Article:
# It is written but not read

As most of you know, the **National Strategic Review of Mathematical Sciences Research in Australia **was released three years ago, detailing the specific problems of mathematics and statistics in Australia, including the low mathematics and statistics graduate turn-outs, low secondary advanced mathematics uptake, under-qualified school mathematics teachers, narrowing of mathematical research focus and the increasing demand for the mathematically skilled in business, industry, science and technology. Recently, a report commissioned by the Go8 was released echoing similar sentiments and probed for more to be done at the school level. One of the most positive outcomes of these reviews has been their media coverage. In the last couple of weeks, we’ve seen:

- The Australian:
- “The numbers don’t add up in maths class”, by Nalini Joshi, March 24
- “Numbers game we can win”, by Mary O’Kane, March 24
- “Declining numeracy is shaping our future”, by Guy Healy, March 17
- “Group of Eight Review’s sum of all fears: maths is in serious decline”, by Lucy Hood, March 10
- “Call to set maths whiz targets”, by Andrew Trouson, March 11
- “Mathematics students in serious decline”, by Luke Slattery and Nicolas Perpitch, March 10

- The Age:
- Sydney Morning Herald:
- The Funneled Web:
- “CSIRO tackling Australia’s maths crisis”, media release, March 11

All but one of the articles above has been an excellent and accurate piece on the crisis; Mary O’Kane (NSW chief scientist) has shown that she is not completely on top of the issue. The main problem is that the message, although loud and clear, is being sent by the mathematicians and statisticians, and is largely being ignored by the government and the opposition. What would greatly help our case is if industry and allied organisations could also raise awareness about the issue. We have already seen this with CSIRO’s recent response. It would, for instance, be interesting to know what the various Australian engineering institutes think about Mary O’Kane’s article. I’m sure they would not agree with:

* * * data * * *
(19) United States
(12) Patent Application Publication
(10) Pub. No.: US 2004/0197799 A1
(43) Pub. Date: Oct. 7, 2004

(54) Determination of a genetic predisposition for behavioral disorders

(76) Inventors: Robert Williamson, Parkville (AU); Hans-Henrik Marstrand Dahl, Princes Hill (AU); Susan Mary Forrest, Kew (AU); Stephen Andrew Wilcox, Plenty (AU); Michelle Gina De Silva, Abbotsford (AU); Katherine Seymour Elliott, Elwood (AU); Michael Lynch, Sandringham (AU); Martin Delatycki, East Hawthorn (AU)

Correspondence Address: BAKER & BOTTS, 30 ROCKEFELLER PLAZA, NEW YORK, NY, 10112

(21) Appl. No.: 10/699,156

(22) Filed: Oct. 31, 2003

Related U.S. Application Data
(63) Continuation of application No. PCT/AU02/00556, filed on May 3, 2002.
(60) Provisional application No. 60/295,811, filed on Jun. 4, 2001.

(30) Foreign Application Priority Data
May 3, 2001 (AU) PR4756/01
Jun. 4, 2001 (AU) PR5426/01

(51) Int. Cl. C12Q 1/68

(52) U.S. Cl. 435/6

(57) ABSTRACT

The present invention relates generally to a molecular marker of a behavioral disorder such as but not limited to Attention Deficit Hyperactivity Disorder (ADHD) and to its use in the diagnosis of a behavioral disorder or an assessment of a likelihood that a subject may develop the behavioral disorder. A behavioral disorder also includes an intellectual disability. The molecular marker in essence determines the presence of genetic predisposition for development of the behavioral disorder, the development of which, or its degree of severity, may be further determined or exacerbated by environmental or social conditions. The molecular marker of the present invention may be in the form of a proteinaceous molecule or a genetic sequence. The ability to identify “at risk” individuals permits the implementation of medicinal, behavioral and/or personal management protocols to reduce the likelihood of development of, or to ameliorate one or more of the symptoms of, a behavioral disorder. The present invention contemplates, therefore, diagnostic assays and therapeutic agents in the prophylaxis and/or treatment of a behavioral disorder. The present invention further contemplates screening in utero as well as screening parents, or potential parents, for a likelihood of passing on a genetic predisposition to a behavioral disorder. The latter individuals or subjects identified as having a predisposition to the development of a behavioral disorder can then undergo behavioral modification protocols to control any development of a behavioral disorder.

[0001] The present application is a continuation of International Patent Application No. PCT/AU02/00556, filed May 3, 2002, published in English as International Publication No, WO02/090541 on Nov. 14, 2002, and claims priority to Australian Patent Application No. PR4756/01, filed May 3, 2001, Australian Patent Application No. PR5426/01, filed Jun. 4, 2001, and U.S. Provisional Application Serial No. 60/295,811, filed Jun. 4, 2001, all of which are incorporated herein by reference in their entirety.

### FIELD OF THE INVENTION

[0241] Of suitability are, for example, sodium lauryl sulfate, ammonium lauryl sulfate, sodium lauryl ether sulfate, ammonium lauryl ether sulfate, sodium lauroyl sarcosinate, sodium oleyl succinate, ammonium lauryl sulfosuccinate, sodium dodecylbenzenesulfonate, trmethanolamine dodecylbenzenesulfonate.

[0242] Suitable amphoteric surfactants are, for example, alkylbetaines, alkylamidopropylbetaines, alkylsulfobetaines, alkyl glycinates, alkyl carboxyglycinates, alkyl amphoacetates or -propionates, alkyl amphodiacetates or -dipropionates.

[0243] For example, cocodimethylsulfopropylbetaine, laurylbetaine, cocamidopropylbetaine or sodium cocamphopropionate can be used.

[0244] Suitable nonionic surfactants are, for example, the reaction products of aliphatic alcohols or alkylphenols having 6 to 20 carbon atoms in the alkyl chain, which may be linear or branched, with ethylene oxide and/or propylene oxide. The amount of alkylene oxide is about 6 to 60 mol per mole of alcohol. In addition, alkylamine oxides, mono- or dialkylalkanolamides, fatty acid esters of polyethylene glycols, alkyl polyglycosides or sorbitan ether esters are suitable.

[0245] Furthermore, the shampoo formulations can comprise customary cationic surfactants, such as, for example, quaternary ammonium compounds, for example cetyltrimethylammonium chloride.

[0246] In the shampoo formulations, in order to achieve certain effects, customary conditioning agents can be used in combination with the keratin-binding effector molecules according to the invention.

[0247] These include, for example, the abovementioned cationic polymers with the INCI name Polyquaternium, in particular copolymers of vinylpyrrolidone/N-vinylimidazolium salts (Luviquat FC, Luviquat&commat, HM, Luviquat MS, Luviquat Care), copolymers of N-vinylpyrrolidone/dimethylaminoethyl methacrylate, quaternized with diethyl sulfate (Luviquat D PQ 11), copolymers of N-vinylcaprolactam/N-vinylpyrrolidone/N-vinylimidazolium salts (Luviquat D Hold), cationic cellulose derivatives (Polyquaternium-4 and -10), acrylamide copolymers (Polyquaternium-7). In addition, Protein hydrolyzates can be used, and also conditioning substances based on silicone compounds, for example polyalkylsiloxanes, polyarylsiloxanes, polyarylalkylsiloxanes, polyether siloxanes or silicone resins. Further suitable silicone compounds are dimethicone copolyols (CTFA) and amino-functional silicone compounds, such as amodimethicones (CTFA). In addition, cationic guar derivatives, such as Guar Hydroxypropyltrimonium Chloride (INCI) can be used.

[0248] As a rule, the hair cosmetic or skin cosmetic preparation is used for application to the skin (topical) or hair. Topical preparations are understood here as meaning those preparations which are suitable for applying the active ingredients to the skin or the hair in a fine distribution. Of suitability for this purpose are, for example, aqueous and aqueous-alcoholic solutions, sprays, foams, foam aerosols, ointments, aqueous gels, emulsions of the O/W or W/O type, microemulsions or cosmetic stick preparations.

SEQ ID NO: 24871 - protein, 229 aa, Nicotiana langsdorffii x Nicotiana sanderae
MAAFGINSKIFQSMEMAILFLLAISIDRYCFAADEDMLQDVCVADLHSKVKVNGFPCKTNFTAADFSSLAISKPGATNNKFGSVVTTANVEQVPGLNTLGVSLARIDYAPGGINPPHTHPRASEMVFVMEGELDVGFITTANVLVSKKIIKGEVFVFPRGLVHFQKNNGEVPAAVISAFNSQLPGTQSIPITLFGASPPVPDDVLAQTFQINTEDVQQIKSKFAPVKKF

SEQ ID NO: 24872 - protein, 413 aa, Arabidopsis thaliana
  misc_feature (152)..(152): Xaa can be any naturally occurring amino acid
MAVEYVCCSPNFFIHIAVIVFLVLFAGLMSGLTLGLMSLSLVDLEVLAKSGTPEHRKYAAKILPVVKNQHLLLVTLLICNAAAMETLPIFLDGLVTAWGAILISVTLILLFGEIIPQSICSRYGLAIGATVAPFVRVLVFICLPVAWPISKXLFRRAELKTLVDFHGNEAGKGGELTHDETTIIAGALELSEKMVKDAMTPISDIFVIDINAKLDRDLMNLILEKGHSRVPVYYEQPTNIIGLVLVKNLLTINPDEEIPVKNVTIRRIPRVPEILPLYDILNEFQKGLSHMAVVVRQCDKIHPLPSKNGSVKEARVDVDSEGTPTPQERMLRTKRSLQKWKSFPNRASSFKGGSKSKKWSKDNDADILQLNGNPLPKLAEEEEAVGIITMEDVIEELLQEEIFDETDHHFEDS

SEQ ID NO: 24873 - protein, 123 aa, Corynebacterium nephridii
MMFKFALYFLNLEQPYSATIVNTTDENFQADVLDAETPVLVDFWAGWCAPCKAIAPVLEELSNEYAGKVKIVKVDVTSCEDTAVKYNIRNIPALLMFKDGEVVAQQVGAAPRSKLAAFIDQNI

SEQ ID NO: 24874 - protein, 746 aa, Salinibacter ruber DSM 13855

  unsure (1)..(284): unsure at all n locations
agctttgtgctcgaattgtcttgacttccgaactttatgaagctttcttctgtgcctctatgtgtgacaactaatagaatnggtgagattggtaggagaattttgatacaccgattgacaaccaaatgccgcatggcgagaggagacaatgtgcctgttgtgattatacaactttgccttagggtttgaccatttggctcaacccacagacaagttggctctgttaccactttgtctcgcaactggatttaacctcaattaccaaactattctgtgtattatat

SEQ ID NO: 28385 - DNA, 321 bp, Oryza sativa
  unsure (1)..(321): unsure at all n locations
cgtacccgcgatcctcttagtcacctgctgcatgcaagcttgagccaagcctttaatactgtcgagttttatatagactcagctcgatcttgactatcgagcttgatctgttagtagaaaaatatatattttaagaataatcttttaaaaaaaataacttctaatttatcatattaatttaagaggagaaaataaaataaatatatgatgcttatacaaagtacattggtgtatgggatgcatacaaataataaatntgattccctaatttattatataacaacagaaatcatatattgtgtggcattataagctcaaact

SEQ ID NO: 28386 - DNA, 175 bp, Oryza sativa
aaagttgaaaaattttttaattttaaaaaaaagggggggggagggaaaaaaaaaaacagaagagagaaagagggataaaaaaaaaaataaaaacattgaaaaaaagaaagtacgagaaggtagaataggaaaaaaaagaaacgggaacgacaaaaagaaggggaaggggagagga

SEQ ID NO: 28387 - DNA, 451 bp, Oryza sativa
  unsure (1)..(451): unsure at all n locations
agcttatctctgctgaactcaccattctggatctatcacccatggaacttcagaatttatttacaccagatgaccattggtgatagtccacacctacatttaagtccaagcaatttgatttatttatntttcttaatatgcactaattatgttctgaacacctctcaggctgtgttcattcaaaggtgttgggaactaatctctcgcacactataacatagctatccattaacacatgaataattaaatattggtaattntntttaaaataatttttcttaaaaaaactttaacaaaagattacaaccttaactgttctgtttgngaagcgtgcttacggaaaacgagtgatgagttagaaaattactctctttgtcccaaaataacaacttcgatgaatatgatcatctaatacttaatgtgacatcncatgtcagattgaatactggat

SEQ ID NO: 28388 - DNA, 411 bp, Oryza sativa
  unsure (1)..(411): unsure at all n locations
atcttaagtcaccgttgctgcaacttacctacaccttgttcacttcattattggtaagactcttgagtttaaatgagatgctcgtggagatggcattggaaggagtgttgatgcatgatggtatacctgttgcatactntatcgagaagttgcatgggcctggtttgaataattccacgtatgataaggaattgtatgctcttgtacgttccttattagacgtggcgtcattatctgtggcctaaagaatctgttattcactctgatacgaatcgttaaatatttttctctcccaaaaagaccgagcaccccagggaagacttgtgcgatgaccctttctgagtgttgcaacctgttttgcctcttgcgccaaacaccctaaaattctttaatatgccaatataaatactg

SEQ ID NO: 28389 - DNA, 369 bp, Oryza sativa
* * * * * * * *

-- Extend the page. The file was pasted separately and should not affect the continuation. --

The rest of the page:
Engineering, in particular, which has identified shortages of professionals, is an ideal candidate for reconsidering its approaches to maths. Engineering faculties could profitably be looking at alternative curriculums that allow students to enter with no formal maths prerequisites and to finish in minimum time.

We should be extremely appreciative of the efforts of The Australian Mathematical Society, AMSI and our leading mathematicians for the efforts behind the reviews and push for change (esp., Hyam Rubinstein, Peter Hall, Nalini Joshi, Jacqui Rammage, Cheryl Praeger, Geoff Prince and many others). We should also be extremely grateful for the media coverage, which has been generous. What we should hope for now is that respected and noteworthy authorities outside of mathematics and statistics come forward and express their views on mathematics in Australia.

Since this post has been written, Hyam Rubinstein has written a letter to the Higher Ed section of “The Australian” pointing out some of the inaccuracies in Mary O’Kane’s arguments. You can find it here:

http://www.theaustralian.com.au/higher-education/letters/few-catch-up/story-e6frgcox-1225844441773

Perhaps one of the reasons that the review is ‘largely being ignored by the government and the opposition’ is the absence of any significant quantification of the projected ‘shortage’, and the apparent absence of extensive input from non-academic or non-government representatives. In order to for a report of this kind to persuade, it needs hard data and ideas on the likely demand from a range of interests – manufacturing, finance, agriculture, information technology and so forth.

Similarly – as with the earlier report in 2006 – there isn’t much consideration of whether or not university mathematics needs to a major syllabus restructure, or modify the way in which it is taught in order to better meet future demands. Looks like as far as the universities are concerned, it’ll be pretty much ‘business as usual’.

In the absence of these considerations, the report comes across as special pleading from yet another sectional interest group that wants a bigger government handout. There are many such groups: take a number and wait …